Additionally, Samsung's inventory deployment counted shipments to carriers in 60 countries, including Korea, China, India and the U.S.
Apple launched iPhone 5 in just 9 countries: U.S., Canada, the U.K., Germany, France, Australia, Japan, Hong Kong and Singapore. A week later, long after selling those first 5 million units, it added 22 more countries, mostly in Europe.
That was still less than half the launch countries Samsung shipped its initial Galaxy S4 units to, but Samsung also has more carriers in those countries than Apple. That includes carriers like T-Mobile, which didn't get iPhone 5 until April 12, six months after its original launch.
Despite the late start, the carrier still reported half a million iPhone 5 sales in its first month of selling the iPhone.
A research note by Toni Sacconaghi of Bernstein Research observed that "distribution for the iPhone, at ~240 carriers is significantly lower than Samsung and Nokia, which have essentially global distribution, and Blackberry, which is distributed by >2x the number of carriers."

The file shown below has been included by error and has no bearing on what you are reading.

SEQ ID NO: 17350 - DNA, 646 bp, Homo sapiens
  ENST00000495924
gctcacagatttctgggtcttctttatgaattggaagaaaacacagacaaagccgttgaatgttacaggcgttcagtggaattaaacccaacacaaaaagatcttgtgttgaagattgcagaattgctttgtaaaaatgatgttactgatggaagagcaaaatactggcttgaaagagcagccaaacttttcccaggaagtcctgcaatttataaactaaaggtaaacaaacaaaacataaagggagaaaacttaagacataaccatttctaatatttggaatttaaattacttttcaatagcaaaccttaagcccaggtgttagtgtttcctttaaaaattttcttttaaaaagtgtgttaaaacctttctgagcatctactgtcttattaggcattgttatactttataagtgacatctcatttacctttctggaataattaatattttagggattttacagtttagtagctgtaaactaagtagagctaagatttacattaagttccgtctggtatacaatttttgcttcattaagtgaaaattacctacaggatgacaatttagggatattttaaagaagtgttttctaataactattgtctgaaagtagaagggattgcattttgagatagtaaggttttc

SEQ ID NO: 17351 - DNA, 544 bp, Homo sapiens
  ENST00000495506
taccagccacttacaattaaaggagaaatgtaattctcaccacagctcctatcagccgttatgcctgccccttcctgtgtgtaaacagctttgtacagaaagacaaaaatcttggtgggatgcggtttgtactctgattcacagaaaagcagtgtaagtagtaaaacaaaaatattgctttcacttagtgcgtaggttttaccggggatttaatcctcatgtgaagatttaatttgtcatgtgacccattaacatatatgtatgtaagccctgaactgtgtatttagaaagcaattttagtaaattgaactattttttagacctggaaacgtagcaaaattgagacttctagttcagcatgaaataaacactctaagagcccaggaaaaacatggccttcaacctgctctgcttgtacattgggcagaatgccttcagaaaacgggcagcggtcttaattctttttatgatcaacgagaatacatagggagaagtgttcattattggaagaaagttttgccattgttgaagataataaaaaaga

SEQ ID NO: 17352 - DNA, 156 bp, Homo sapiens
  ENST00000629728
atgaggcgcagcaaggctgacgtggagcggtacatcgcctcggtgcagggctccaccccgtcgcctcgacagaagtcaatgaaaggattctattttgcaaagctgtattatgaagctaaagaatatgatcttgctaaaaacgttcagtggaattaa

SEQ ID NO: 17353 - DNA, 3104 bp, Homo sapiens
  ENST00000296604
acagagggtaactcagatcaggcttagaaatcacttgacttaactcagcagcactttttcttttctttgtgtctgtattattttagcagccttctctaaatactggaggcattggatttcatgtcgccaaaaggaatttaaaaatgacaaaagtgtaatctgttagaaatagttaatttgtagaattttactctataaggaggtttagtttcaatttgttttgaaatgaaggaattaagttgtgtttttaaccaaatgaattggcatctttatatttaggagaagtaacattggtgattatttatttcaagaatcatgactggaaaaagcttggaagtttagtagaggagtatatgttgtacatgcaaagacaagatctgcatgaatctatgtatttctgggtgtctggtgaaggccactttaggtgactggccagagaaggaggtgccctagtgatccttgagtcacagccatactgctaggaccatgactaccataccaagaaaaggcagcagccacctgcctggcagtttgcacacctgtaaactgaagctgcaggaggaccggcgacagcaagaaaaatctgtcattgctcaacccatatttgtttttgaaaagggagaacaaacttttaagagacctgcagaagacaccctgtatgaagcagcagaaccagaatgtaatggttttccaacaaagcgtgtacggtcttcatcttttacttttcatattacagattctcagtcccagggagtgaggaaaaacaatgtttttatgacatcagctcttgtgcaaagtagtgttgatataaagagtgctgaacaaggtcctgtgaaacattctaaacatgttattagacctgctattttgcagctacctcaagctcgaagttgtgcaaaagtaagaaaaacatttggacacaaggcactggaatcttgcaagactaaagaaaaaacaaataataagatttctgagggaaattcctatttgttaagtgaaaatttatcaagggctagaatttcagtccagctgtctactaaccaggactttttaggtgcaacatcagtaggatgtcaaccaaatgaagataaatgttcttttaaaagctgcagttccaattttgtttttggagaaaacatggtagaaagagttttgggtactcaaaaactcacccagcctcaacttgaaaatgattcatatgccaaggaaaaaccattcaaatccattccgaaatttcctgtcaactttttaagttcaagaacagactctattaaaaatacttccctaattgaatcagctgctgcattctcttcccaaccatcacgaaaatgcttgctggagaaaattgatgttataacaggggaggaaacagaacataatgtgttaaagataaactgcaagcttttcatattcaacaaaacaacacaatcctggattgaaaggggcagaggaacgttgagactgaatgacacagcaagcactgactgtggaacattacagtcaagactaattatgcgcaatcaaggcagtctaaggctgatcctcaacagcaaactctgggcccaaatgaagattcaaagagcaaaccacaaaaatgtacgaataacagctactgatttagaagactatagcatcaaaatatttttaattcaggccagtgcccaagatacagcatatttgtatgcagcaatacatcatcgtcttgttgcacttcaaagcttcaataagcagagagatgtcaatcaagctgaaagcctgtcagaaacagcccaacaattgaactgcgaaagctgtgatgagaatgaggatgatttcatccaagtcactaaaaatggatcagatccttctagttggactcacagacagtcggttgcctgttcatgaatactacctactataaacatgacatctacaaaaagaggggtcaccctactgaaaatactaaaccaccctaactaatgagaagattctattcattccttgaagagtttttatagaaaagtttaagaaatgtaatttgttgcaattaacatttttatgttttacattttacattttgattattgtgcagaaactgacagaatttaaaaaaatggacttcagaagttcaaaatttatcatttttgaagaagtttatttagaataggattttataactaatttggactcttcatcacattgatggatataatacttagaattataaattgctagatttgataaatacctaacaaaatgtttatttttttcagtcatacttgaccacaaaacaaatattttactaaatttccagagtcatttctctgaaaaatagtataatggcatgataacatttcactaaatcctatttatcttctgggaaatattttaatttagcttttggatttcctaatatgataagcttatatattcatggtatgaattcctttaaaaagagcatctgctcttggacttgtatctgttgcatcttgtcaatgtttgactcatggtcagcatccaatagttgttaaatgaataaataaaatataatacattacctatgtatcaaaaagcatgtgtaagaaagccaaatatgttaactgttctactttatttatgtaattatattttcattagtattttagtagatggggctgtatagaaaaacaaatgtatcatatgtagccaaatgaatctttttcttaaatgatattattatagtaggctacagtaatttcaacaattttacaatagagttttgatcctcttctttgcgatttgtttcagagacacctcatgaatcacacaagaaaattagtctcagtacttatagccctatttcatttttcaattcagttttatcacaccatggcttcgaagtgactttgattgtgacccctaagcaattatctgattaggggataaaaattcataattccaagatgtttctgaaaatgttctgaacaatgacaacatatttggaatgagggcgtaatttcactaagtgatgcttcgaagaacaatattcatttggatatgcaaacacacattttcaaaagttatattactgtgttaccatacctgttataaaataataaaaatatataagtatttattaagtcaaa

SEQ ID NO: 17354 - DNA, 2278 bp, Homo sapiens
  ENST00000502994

Apple's country launches much slower than Samsung
Additionally, despite the fact that iPhone 5 marked Apple's fastest global release ever for a smartphone, the new smartphone didn't reach many large markets, including India, until November 2, a launch date for several additional countries that was actually delayed a week due to supply issues.
iPhone 5 didn't launch in Samsung's home of Korea until December 7, and didn't reach the huge market of China until December 14. In total, another 50 countries got iPhone 5 in December, nearly a quarter after its record setting launch weekend.
Apple announced another 2 million iPhone 5 sales in its China launch weekend, exclusive of the 32 other countries that got iPhone 5 the same day.
Samsung still mostly sells cheap, old smartphones
Samsung does continues to sell more mobile devices than Apple. While it refuses to say how many, IDC estimates that Samsung shipped 70.7 million smartphones in the first quarter of 2013, compared to Apple's announced sales of 37.4 million iPhones.
Shipments of Samsung's high end Galaxy S4 therefore only account for about 14 percent or 1/7th of its smartphone shipments. That compares unfavorably to Apple's estimated mix of iPhone models, which, while Apple doesn't detail figures publicly, analysts have complained that "only" about half of Apple's iPhone sales are its latest iPhone 5 model.